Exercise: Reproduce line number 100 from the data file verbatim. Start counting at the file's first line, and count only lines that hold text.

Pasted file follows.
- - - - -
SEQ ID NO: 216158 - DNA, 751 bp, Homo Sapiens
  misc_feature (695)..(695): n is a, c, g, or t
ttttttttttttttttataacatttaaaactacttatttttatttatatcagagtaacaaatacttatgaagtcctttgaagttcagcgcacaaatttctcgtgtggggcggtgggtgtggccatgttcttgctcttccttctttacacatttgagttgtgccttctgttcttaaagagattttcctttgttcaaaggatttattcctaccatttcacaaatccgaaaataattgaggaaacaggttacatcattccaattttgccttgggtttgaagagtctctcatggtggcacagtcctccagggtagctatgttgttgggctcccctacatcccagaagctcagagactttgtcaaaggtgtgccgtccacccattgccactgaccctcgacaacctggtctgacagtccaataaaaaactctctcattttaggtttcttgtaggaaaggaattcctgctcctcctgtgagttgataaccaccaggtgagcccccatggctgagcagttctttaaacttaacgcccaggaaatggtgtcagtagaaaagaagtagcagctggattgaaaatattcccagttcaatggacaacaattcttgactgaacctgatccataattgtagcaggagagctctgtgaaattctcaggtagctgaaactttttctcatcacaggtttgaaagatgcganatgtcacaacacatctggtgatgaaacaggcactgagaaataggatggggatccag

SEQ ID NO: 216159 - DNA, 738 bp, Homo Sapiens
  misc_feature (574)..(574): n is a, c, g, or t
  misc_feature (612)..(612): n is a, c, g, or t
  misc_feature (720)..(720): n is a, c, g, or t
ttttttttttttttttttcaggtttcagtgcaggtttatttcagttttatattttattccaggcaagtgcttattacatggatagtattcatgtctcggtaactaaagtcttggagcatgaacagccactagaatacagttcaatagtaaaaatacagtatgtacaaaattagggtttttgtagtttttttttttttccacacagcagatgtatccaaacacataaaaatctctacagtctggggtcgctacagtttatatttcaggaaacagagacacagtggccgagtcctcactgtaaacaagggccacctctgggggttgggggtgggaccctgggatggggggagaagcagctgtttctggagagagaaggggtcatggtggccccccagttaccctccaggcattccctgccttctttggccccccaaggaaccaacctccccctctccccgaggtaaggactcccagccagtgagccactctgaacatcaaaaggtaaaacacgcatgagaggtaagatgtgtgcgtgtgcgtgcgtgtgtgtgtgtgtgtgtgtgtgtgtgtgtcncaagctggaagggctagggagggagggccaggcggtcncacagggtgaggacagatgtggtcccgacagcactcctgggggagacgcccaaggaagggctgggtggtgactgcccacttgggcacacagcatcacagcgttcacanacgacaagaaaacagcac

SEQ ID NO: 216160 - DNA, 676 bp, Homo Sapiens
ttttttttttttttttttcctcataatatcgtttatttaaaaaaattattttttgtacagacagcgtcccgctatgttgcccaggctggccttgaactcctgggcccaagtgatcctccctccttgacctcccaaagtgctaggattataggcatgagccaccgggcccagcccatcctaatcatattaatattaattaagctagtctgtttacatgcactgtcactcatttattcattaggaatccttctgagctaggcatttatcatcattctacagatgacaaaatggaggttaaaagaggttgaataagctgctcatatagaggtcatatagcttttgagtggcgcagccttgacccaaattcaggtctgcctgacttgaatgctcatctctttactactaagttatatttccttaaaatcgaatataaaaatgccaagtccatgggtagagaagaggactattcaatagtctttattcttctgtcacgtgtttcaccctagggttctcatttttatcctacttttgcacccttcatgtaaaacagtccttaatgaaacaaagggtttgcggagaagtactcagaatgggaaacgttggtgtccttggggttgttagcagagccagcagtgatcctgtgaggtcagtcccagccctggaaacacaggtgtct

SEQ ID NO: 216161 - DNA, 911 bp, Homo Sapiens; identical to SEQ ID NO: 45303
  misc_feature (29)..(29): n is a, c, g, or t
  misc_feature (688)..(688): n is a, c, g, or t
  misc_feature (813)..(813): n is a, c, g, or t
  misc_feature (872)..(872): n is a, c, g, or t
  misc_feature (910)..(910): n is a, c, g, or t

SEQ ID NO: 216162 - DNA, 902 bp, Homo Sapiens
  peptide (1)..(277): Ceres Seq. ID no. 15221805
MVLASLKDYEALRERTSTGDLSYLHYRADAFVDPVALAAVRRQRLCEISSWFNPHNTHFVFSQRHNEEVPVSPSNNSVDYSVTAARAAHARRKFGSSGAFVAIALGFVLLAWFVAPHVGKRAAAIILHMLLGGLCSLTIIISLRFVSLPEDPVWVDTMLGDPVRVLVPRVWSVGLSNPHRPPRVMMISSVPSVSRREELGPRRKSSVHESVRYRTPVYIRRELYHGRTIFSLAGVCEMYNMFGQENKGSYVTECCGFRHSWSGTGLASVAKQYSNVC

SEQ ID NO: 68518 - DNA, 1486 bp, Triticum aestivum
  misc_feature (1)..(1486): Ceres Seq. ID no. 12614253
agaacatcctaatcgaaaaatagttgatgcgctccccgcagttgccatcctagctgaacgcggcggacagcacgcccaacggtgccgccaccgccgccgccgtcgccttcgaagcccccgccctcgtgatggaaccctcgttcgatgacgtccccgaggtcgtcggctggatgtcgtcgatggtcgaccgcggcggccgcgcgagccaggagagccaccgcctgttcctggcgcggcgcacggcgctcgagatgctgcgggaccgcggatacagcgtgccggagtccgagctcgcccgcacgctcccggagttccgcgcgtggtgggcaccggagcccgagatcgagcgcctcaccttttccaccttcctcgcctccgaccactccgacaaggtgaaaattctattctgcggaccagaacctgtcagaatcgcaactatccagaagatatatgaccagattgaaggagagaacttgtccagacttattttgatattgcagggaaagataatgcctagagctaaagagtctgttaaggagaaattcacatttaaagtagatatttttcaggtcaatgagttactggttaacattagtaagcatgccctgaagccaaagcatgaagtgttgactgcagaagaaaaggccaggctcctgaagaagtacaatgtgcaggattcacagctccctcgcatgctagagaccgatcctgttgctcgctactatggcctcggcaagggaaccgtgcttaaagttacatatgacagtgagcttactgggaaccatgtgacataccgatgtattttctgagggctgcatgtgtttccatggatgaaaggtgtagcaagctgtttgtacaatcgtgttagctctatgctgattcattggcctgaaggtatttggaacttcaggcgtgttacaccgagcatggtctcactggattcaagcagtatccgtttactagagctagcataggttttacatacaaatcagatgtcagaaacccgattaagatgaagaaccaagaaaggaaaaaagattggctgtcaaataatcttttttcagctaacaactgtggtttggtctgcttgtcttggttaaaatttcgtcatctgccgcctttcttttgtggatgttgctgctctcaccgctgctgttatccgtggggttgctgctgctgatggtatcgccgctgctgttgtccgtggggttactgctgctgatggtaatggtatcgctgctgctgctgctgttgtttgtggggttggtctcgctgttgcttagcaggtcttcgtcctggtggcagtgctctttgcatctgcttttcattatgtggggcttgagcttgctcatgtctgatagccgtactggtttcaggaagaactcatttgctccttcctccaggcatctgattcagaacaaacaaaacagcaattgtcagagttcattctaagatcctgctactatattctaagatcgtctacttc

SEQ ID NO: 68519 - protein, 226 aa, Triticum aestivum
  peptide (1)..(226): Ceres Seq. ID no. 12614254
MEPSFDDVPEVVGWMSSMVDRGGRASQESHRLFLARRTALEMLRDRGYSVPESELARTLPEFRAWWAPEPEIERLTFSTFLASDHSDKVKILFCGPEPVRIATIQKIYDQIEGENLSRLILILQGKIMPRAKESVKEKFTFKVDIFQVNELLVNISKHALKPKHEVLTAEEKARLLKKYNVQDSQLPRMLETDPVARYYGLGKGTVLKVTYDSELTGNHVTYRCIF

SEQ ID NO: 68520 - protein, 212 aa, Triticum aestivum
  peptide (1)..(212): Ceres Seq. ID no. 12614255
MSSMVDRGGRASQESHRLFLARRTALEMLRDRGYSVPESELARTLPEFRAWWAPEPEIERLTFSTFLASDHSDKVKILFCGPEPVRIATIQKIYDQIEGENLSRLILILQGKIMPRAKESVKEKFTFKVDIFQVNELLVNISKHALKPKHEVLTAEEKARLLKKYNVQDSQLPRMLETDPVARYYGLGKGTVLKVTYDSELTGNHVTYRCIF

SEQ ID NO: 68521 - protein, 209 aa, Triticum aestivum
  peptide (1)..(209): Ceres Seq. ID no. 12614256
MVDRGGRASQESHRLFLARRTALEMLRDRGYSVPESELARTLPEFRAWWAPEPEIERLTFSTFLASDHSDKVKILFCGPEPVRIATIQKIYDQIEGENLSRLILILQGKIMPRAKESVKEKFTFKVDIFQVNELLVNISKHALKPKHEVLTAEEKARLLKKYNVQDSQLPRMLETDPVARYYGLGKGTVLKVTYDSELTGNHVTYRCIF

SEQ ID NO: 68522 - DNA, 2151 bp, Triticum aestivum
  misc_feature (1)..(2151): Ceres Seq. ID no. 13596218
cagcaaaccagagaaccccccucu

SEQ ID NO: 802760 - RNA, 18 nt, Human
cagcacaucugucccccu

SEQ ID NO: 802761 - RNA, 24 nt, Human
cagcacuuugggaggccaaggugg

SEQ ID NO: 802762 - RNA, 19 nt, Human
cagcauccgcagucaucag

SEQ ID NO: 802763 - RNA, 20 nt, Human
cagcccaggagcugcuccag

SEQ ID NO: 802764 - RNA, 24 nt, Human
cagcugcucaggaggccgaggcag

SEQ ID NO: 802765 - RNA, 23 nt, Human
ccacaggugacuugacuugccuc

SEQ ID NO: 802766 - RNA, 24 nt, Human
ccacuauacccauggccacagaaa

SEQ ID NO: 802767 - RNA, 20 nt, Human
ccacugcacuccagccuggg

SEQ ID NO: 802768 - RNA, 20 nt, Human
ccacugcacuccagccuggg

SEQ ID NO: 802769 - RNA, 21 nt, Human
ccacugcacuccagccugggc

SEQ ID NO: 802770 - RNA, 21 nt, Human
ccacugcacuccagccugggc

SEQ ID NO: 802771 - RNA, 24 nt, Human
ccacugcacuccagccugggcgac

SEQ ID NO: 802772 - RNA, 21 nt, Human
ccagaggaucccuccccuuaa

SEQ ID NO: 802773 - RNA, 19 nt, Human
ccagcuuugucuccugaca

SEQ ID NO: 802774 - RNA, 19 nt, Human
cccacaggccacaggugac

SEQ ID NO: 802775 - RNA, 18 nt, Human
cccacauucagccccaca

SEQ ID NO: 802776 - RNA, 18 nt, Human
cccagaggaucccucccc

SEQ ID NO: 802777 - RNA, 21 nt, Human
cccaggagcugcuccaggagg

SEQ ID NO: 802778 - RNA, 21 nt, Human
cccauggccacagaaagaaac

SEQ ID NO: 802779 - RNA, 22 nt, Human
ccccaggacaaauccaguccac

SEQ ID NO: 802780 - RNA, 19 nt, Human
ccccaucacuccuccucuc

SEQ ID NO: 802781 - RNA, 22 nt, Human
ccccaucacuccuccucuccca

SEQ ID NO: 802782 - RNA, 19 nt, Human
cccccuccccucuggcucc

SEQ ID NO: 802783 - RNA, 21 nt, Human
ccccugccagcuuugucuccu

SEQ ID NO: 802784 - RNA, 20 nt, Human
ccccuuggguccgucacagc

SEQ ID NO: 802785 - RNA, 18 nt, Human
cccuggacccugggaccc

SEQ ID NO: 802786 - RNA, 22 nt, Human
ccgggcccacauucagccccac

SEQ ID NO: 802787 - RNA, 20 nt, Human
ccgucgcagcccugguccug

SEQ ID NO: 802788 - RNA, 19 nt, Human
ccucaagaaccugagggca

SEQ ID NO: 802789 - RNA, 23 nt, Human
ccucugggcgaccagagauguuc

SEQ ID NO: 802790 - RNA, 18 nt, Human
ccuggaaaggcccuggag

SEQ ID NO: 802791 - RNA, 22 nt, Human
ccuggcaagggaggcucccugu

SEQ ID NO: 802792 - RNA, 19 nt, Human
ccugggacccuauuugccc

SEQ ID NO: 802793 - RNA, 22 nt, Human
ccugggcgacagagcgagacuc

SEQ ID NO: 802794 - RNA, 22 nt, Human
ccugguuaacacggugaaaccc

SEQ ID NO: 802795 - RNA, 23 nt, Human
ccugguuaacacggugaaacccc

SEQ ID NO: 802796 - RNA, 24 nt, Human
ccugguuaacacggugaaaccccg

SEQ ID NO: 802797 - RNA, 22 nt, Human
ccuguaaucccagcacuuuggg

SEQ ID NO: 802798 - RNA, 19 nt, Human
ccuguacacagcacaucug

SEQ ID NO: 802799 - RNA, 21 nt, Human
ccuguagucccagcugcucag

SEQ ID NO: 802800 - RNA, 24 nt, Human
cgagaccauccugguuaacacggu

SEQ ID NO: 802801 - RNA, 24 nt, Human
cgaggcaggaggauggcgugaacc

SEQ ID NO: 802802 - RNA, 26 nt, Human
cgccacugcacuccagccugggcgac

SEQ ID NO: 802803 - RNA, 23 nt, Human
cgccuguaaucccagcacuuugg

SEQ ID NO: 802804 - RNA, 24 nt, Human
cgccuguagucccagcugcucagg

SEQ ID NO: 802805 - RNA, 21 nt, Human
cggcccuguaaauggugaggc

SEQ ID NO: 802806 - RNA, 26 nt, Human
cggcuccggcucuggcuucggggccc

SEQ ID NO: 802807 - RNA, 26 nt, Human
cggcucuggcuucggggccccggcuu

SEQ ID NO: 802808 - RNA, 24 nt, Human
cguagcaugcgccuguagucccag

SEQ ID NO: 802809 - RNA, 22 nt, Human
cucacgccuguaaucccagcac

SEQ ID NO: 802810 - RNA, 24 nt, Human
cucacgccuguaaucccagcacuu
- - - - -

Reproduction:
ccugggacccuauuugccc